Walgreens faces claim of religious discrimination
Seventh-day Adventist fired for missing work on a Saturday seeks hearing with high court
ORLANDO, Fla. — In 2011, Darrell Patterson was fired from his job at an Orlando Walgreen’s Customer Care Center for missing work on a Saturday.
Patterson is a Seventhday Adventist, a Protestant Christian denomination that observes Saturday, the seventh day of the week, as the Sabbath. Practicing Seventhday Adventists are prohibited from working from sundown Friday to sundown Saturday — something Patterson’s employers at Walgreens knew.
So when they fired him, Patterson sued, claiming religious discrimination. But the courts sided with Walgreens at both the district and appeal levels, saying the employer had done enough to accommodate Patterson in his six years of employment with the pharmacy chain.
How much is enough and what constitutes religious discrimination may now be something for the U.S. Supreme Court to consider. Patterson has filed the case with the nation’s highest court, seeking the first court decision in 30 years to address the Sabbath.
“A person that has a religious conviction has really been put in a place to make a choice between their religious conviction and bringing home a paycheck and taking care of their families — a really pointed and harsh predicament to put anybody in,” Patterson said.
From the time he began his employment with Walgreens in 2005, he said Patterson said he was clear with his employers that he would be unavailable during the Sabbath period, indicating it in his employment application and via a letter from his pastor. He also signed an acknowledgment saying he understood he “must be available to work any scheduled shift,” according to the Orlando district court’s 2016 decision.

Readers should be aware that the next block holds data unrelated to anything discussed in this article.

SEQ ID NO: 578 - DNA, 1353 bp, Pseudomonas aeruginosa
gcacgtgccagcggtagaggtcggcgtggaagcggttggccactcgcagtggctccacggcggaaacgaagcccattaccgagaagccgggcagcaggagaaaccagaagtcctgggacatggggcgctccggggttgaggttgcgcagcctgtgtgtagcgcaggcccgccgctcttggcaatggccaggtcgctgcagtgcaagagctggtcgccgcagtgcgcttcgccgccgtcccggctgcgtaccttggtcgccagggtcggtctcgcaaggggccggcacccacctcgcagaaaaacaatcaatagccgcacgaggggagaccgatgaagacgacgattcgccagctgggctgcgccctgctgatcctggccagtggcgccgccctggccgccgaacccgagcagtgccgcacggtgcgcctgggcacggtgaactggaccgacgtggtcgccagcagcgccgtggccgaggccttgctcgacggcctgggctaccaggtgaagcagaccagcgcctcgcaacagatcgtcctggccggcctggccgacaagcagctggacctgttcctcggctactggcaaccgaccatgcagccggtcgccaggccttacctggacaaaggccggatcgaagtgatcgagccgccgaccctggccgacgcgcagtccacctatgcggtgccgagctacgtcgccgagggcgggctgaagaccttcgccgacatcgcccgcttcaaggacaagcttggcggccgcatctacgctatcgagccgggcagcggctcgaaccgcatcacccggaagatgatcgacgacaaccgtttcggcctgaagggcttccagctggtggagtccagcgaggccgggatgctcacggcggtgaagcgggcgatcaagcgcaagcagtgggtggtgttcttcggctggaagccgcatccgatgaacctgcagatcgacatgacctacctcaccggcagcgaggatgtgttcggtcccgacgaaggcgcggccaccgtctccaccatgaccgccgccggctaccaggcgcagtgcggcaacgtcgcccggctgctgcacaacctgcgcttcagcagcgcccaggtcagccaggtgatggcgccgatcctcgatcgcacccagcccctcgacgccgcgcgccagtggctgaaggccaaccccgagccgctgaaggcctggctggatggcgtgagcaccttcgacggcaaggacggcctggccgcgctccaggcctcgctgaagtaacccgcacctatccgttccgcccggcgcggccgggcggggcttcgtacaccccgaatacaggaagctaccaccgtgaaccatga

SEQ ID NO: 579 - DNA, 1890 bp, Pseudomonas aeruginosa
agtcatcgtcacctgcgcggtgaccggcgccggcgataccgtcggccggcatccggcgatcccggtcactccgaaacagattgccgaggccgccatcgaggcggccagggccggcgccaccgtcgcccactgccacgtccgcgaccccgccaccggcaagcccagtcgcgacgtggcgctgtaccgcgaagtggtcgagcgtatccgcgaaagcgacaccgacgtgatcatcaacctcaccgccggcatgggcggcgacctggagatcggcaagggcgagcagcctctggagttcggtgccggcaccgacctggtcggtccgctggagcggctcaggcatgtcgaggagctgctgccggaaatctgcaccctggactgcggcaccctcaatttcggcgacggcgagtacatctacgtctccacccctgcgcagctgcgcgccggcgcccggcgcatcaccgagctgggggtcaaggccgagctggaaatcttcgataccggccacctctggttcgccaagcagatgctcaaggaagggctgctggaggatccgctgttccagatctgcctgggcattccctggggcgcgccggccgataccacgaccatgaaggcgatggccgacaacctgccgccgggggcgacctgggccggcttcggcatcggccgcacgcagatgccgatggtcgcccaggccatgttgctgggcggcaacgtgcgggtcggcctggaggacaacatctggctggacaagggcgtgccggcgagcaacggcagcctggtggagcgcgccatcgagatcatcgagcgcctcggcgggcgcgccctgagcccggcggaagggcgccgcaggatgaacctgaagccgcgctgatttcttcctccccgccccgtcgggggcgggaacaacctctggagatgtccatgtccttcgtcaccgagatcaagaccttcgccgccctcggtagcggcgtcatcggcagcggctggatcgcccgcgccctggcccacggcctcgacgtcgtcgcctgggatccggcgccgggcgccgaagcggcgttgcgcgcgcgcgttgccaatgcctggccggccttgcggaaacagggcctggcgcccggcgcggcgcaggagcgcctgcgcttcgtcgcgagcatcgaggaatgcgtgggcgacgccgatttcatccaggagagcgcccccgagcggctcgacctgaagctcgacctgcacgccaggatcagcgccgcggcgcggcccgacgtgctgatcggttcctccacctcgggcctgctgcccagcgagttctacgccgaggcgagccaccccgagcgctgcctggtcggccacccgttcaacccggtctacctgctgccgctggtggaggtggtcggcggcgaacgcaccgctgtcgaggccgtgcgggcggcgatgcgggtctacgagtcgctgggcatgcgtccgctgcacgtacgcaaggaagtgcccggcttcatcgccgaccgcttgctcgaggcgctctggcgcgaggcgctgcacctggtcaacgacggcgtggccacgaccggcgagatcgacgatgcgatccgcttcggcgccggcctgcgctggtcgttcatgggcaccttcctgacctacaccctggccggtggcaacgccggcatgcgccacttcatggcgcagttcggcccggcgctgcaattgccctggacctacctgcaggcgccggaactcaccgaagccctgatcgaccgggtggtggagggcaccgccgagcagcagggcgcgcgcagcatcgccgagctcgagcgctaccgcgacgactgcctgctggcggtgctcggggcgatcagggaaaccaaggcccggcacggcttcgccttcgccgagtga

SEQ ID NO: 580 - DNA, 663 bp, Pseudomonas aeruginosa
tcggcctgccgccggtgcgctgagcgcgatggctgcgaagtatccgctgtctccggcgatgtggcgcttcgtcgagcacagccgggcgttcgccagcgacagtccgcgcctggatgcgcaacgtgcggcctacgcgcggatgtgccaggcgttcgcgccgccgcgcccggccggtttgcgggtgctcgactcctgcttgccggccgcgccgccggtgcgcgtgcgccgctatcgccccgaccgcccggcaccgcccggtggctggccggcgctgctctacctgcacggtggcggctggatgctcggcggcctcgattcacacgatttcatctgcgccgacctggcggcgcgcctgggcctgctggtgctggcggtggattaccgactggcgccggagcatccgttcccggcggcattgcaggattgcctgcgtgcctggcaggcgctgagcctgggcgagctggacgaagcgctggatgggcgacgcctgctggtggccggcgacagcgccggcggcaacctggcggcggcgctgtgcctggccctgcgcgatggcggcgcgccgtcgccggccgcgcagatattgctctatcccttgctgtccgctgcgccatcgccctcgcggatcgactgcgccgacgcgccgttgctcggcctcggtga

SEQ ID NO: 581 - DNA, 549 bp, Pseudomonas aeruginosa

Over the years, Patterson’s job schedule rarely coincided with Saturday, and when it did, Walgreens allowed him to swap schedules with his co-workers. On two instances, he was written up for leaving work on Friday evenings.
But in 2011, the Orlando customer care office got an influx of 40 new employees due to another branch’s closure, and Patterson was one of two training managers on hand to provide emergency training to the new group.
A failure to adequately — and quickly — train those people could have impeded “patients’ access to their medication and subject Walgreens to the risk of breaching its contractual obligations and facing significant financial penalties,” the district court ruled.
Failed attempts to swap his shift that Saturday led Patterson to be sent home from work the following Sunday. On Monday, he was offered a role as a customer care representative — a demotion from his current position — that couldn’t guarantee that he’d have Saturdays off, Patterson said.
He declined and was fired shortly thereafter.
In the 19 months he spent unemployed — “not being able to turn on the AC for two summers living in Florida,” he said — Patterson filed a discrimination charge with the Equal Employment Opportunity Commission before being cleared to sue in 2014.
Since, the courts have sided with Walgreens, arguing that the company tried to accommodate Patterson enough, at least, to satisfy its duties under Title VII of the Civil Rights Act. Walgreens declined to comment for this story citing pending litigation.
Getting on the Supreme Court’s calendar is no easy feat, but Patterson’s attorney, Todd McFarland, said he believes Patterson may have a good chance of being heard because his case addresses an issue the court hasn’t revisited since 1986.
“Any time you file a petition, it’s a long shot.” McFarland said. “We think this case has a good a case as any — even better than most.”
That’s because in its 1986 Ansonia Board of Education v. Philbrook ruling, the Supreme Court said employers must reasonably accommodate employees’ religious beliefs, as long as the accommodation doesn’t cause “undue hardship” to the employer’s business.
Patterson and his attorneys believe the court needs to provide further guidance on this point. For its part, Walgreen argued in court that it believes it could suffer “undue hardship” in the future if the standard is changed.
The court will decide in late November if it will hear Patterson’s case.
“It’s really not about me and it never really has,” he said. “This is really a question about the freedom to worship freely in this country.”
After being fired from a Walgreens for missing work, Darrell Patterson, a Seventh-day Adventist, wants to take his case to the U.S. Supreme Court.